Ruby Grapefruit and Asparagus Salad

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‘Are you casting asparagus on my cooking?’
~ Curly Howard

 

This is such a simple salad, and it’s easy to throw together, but it tastes like a celebration!

It might seem like a little work to segment the grapefruit, but it makes for a pretty result, and no chewy pith or seeds!

Serve this salad on its own or as a tasty side with your next barbeque, fish fry or roast dinner.

 

 

Salad Ingredients:

Four handfuls of rocket and spinach (arugula) or your favourite salad green leaves, one small red onion, one ruby grapefruit, two bunches of fresh asparagus, 1/2 cup of fetta cheese, 1/2 cup of roasted cashews, olive oil

*If you’re cow’s milk intolerant, use a good sheep or goat fetta.

*If you’re dairy-free, substitute some chunks of avocado.

Dressing:

1/4 cup balsamic vinegar, 1/2 cup extra-virgin olive oil, 1 clove of garlic – crushed and pressed or diced finely, 1 teaspoon honey, pinch of salt, grind of black pepper

Place all ingredients in a jar and shake well. The mixture will become thick and creamy. USe what you need on your salad and store the rest in the fridge for up to one week.

 

 

Method:

Layer the leaves in the bottom of a large serving bowl.

Halve the onion and cut into thin slices. Separate the rings with your fingers.

Slice the ends of the grapefruit and then remove the rest of the peel. Using a sharp knife, cut between each membrane to remove the segments of flesh. Set aside.

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Cut the fetta into bite-size pieces.

Add a dash of olive oil to your frypan. Snap or trim the ends off the bottom of the asparagus spears. Toss over a medium flame for two to three minutes or until cooked but still crunchy.

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*Warning: Be careful not to eat too much asparagus before it gets to the salad dish!

Lay the asparagus, grapefruit, onion, fetta and cashews over the top of the leaves.

Drizzle with dressing. Toss and serve.

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Mango Salsa Recipe

 

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“All in all, it was a never-to-be-forgotten summer — one of those summers which come seldom into any life, but leave a rich heritage of beautiful memories in their going — one of those summers which, in a fortunate combination of delightful weather, delightful friends and delightful doing, come as near to perfection as anything can come in this world.”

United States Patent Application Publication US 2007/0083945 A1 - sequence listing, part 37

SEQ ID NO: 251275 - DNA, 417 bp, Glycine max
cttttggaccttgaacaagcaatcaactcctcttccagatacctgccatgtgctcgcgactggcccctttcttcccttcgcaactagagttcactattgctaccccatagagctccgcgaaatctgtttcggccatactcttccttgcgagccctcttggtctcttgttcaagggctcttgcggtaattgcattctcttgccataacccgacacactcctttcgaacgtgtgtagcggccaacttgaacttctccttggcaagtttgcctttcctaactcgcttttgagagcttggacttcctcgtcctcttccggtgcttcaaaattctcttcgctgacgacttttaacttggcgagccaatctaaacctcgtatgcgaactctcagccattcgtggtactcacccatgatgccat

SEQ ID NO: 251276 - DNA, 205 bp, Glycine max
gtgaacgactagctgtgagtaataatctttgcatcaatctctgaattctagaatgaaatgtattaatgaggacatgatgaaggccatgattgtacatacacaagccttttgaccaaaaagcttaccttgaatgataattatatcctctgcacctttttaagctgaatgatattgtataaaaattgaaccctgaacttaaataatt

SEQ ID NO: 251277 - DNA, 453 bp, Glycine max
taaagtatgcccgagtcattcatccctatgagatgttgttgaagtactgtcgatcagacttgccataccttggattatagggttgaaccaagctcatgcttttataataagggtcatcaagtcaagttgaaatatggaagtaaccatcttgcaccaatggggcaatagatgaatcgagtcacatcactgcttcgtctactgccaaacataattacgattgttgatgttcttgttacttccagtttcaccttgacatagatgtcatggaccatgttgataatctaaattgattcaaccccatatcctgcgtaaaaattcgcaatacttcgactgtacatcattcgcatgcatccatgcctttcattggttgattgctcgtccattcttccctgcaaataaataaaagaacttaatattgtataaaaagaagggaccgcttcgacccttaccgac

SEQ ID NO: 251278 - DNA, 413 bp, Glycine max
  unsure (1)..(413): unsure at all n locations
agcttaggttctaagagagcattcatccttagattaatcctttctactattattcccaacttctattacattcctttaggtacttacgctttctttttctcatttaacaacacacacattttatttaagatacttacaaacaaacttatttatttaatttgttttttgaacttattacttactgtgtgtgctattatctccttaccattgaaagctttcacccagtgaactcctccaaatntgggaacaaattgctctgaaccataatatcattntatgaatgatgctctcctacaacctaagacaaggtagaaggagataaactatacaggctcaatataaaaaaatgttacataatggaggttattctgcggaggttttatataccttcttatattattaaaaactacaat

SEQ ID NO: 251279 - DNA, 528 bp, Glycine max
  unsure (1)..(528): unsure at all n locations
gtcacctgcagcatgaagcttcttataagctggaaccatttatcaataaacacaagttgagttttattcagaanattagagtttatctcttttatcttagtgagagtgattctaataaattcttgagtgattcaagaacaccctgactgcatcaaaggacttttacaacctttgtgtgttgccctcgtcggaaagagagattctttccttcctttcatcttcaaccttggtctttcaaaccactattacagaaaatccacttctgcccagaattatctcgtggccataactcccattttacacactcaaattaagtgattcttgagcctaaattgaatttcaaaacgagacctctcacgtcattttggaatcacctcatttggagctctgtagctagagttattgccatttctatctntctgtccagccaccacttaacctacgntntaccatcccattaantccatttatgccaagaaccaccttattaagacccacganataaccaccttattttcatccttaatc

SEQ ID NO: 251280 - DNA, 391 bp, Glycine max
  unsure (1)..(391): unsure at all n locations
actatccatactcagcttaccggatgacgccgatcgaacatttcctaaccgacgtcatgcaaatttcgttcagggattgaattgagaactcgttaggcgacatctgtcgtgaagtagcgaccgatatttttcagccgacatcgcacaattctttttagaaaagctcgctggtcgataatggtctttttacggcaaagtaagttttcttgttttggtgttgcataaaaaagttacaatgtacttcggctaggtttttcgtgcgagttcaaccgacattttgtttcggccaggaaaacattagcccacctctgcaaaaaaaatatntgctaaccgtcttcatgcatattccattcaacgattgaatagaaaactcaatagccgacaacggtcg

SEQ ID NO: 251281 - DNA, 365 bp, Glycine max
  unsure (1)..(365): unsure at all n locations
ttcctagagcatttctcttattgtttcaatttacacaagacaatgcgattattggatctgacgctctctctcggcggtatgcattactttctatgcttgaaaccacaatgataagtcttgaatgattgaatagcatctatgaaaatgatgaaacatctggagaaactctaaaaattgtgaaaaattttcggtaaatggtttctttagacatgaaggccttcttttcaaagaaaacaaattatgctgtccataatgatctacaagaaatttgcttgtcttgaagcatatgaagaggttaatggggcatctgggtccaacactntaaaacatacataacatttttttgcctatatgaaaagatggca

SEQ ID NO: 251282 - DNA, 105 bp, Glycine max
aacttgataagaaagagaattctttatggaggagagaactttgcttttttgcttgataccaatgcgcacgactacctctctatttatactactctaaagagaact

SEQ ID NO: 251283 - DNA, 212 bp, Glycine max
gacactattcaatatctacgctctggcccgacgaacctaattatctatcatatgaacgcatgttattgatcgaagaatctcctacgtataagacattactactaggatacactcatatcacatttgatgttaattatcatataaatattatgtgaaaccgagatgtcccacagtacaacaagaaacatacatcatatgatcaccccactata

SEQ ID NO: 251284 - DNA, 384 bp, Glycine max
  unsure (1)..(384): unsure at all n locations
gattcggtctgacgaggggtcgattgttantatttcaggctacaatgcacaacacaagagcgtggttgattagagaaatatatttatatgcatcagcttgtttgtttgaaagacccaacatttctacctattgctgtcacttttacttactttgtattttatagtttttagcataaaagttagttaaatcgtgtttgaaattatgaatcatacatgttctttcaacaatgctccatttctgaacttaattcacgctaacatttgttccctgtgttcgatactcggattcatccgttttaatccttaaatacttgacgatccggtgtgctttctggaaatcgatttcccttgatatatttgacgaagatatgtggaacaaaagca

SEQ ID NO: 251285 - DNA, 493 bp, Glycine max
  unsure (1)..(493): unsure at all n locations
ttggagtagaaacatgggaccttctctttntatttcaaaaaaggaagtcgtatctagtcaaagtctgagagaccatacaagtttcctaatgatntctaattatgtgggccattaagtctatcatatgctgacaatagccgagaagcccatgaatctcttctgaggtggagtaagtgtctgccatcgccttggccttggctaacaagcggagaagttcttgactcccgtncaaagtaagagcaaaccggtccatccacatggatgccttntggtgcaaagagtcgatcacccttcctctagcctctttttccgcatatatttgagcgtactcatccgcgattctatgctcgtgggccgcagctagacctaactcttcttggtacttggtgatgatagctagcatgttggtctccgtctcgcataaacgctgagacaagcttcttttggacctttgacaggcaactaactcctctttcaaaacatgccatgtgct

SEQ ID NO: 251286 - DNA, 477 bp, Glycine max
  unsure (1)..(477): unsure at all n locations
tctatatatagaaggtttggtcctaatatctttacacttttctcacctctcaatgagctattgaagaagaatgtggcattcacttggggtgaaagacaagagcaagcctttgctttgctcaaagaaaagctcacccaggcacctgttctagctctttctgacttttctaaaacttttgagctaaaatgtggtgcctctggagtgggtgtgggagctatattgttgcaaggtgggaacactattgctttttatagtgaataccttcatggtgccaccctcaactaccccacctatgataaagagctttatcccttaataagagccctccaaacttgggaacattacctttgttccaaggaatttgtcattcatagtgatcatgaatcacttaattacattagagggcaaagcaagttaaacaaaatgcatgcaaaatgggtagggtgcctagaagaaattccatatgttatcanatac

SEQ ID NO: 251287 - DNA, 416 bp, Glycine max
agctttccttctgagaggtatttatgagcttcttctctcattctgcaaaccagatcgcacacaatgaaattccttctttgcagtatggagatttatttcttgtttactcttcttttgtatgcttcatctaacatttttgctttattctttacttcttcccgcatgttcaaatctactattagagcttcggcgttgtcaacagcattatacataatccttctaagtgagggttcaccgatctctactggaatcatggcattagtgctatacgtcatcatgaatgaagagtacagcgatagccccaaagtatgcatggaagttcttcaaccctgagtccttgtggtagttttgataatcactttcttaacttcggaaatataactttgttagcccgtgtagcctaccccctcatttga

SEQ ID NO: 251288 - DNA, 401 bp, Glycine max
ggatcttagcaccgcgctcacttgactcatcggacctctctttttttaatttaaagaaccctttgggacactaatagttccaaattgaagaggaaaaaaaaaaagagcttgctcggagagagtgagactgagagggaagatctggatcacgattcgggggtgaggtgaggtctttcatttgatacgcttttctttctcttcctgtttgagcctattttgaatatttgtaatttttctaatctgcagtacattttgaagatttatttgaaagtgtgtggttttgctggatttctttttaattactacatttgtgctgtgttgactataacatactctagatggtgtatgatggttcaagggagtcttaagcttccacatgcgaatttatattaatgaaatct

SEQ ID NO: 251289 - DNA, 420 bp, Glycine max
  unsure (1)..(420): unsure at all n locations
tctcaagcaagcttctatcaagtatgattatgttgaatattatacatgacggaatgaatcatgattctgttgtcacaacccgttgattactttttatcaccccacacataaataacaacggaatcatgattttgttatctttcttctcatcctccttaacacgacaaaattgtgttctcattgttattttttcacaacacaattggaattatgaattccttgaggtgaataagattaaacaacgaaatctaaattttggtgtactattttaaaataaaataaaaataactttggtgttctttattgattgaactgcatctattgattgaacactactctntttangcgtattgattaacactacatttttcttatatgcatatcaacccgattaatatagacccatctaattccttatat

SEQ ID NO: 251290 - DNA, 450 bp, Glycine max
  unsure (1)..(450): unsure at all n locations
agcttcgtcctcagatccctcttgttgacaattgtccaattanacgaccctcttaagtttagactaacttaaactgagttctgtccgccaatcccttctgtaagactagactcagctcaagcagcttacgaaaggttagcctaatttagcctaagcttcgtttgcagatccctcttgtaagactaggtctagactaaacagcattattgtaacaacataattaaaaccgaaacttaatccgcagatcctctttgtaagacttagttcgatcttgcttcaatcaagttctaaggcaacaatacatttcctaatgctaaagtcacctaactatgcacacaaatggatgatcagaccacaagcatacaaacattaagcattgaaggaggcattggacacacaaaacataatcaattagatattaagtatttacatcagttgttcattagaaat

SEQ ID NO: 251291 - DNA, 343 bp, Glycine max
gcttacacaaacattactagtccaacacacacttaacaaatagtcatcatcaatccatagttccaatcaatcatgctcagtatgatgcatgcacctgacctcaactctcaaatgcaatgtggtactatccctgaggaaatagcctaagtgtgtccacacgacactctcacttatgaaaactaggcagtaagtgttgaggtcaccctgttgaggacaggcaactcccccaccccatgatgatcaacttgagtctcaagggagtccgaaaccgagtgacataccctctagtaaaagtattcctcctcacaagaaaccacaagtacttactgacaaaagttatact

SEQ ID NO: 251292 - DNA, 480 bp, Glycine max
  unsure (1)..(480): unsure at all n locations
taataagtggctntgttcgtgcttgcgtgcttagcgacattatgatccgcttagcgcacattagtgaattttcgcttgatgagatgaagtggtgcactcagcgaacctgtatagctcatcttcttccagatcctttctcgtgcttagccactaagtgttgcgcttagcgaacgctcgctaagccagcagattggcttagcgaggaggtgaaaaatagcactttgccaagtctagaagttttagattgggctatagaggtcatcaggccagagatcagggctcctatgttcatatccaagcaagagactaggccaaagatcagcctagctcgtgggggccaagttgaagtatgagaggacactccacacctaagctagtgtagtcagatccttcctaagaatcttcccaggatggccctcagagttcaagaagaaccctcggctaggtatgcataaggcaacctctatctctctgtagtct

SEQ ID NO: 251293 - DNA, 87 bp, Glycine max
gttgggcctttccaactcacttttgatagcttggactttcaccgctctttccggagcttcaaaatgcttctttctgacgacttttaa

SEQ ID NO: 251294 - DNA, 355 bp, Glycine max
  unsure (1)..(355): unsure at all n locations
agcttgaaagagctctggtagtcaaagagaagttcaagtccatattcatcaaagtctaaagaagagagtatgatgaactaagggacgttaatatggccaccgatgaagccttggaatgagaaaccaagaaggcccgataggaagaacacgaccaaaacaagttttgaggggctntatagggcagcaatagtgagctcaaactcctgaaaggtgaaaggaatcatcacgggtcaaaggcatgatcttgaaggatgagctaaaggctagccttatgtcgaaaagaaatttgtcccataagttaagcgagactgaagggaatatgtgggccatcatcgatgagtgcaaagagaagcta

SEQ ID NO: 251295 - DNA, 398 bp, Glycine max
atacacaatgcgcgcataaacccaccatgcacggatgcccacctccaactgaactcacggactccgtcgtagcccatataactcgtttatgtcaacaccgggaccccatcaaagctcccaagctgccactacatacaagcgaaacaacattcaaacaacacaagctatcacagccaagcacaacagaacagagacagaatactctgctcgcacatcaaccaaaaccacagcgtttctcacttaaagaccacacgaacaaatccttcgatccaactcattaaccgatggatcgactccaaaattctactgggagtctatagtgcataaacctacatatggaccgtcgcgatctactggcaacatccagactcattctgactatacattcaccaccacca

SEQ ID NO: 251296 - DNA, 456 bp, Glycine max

~ L.M. Montgomery, Anne’s House of Dreams

 

It’s a long hot summer, here in Australia. But that’s okay because… mangoes!

This salsa recipe is sweet and savoury, with a little heat. It’s one of my favourite summer salads.

You can eat it this salsa on its own, with corn chips, in rice paper rolls, with rice and beans, piled high on nachos or tacos, wrapped into burritos, and it even goes well with barbecued and roasted meats.

Any left-overs will keep for up to a week, refrigerated, if it lasts that long.

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Ingredients

2 large ripe mangoes, 1 small bunch fresh coriander (cilantro) , 1/2 small red onion, 1/2 cup of finely chopped spring onion/green onion, 1 fresh sweet (not hot) red chilli (or use extra capsicum), 1/2 large red capsicum (bell pepper), 1 lime, salt, Mexican chilli powder or your favourite chilli flakes or seasoning

*Note -if coriander is not your thing substitute parsley or green onion/spring onion

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Method

Slide a knife down the mangoes to remove the cheeks from the seeds. Use a sharp knife to cut into the cheeks in narrow rows lengthways and then widthways, carefully cutting all the way down to the skin. Use a spoon to remove the flesh and place it in a large bowl.

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Sprinkle the mango flesh with a little salt and a dusting of your favorite chilli seasoning or flakes. If you don’t like chilli don’t use any!

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Finely dice the capsicum, red chilli and onion. Then finely chop your green onion and coriander.

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Juice the lime and pour over. Taste and adjust seasonings if necessary. Mix well and leave to stand for ten to fifteen minutes for the flavours to develop. Devour!

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Hasselback Potatoes? Opera House Potatoes? Best Ever Baked Potato Recipe!

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“Zen does not confuse spirituality with thinking about God while one is peeling potatoes. Zen spirituality is just to peel the potatoes.”
~ Alan Watts